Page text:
Our penultimate day was a delightful descent into Matsumoto and then the wonderfully pleasant Salad Road nearly all the way to Hakuba. The road is undulated with a few gentle curves, through orchards, gardens and by numerous galleries and bistros. Albert Kikstra of the Santana B&B gave us a warm welcome and we enjoyed his family’s hospitality.

We ended our journey where I first envisaged it 10 years earlier, at the Walter Weston monument. Over the course of the week, we rode just over 500K in eight days, gaining eight kilometers in elevation. When possible we chose remote, abandoned and sometimes closed roads. Tunnels were our nemesis. We rode far too many of them, including the five-kilometer Gonbi Tunnel that aided our crossing of the Central Alps, and a stretch of nearly 17 kilometers of non-stop tunnels and snow sheds on the final day from Hakuba to Itoigawa.

Every day was an adventure, reconfirming the view that Japan is a great place for long-distance cycling. Not only was it a great ride, but alsowith the support of friends and family, we raised more than ¥600,000 for HOPE International Development Agency, enough to provide fresh water wells for about 30 families.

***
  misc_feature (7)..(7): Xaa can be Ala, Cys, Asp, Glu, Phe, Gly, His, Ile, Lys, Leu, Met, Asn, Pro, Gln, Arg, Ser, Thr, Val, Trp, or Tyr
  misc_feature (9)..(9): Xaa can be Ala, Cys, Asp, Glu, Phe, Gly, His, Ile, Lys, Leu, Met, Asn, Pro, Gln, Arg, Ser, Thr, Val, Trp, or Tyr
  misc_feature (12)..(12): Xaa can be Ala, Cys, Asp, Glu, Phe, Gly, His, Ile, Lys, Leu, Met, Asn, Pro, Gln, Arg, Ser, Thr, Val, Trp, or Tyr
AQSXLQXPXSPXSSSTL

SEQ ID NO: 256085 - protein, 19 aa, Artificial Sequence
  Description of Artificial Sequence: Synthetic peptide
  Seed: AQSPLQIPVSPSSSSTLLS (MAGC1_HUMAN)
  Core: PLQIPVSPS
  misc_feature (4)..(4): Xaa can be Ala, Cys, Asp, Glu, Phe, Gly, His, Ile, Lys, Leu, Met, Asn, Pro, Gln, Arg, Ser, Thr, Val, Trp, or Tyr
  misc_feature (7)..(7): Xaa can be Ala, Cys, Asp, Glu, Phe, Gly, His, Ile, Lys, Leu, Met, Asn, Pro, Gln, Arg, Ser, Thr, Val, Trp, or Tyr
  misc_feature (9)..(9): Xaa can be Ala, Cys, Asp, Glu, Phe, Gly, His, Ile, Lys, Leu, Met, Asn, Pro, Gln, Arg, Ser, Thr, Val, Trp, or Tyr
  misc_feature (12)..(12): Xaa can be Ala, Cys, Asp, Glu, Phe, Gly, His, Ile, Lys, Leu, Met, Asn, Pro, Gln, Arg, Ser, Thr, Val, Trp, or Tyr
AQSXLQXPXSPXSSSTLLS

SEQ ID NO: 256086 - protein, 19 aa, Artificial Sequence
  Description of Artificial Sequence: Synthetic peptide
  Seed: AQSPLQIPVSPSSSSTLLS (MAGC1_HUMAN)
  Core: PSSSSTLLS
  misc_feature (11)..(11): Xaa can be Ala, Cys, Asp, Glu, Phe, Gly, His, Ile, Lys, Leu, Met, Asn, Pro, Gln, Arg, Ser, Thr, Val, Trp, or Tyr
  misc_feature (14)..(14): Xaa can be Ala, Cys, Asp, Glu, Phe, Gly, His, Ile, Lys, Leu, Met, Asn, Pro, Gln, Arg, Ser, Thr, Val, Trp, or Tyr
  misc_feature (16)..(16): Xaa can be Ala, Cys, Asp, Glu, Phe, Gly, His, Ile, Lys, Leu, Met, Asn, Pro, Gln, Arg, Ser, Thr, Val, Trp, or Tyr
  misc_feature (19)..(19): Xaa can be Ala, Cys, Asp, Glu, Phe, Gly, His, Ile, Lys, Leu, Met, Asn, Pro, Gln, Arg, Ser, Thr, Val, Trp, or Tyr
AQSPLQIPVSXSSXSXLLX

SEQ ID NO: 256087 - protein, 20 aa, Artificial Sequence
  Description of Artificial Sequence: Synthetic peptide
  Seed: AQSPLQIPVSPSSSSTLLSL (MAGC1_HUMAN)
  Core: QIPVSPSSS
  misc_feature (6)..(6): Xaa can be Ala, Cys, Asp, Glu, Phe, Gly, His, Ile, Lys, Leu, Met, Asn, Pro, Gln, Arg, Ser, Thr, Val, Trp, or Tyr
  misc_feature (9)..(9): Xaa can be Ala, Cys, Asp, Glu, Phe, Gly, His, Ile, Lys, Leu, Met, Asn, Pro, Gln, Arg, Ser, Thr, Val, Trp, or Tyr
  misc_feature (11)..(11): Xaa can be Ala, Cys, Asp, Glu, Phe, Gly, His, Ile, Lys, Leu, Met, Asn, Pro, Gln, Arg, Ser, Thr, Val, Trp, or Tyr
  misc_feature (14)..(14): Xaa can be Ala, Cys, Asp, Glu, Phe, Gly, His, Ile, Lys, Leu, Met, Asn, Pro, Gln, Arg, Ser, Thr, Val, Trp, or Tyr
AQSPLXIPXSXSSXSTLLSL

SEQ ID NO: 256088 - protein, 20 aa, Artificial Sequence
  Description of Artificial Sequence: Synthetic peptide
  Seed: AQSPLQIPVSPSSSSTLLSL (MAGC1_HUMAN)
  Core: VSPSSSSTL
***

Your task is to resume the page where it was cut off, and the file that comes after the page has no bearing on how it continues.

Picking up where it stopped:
Plans are now underway for a two-day version of the Japan Coast to Coast, Oct. 10-11, where we hope to have about 20 cyclists join in the fun. In 2011, we are planning a team event repeating the route we did this year, although we plan to cut a day or two off the itinerary. Both events will have a charity aspect with HOPE International Development Agency. More information is available at www.japanc2c.com.

 

Japan Coast to Coast 

About Japan C2C

The idea behind Japan Coast 2 Coast was a simple one: To explore two great rivers and three great mountain ranges in Japan by bicycle while raising money for people in desperate need of clean water. We cycled some of Japan’s highest highways following the trail of Walter Weston, widely considered the father of mountaineering in Japan. 

We started at the mouth of the Tenryu River, on the Pacific Ocean side of Japan, cycled alongside the Southern Alps, crossed over the Central Alps, the summit of Norikura and took in the annual Walter Weston Festival in Kamikochi before cycling to the Japan Seacoast following the Hime River (Himekawa) through Hakuba to Itoigawa.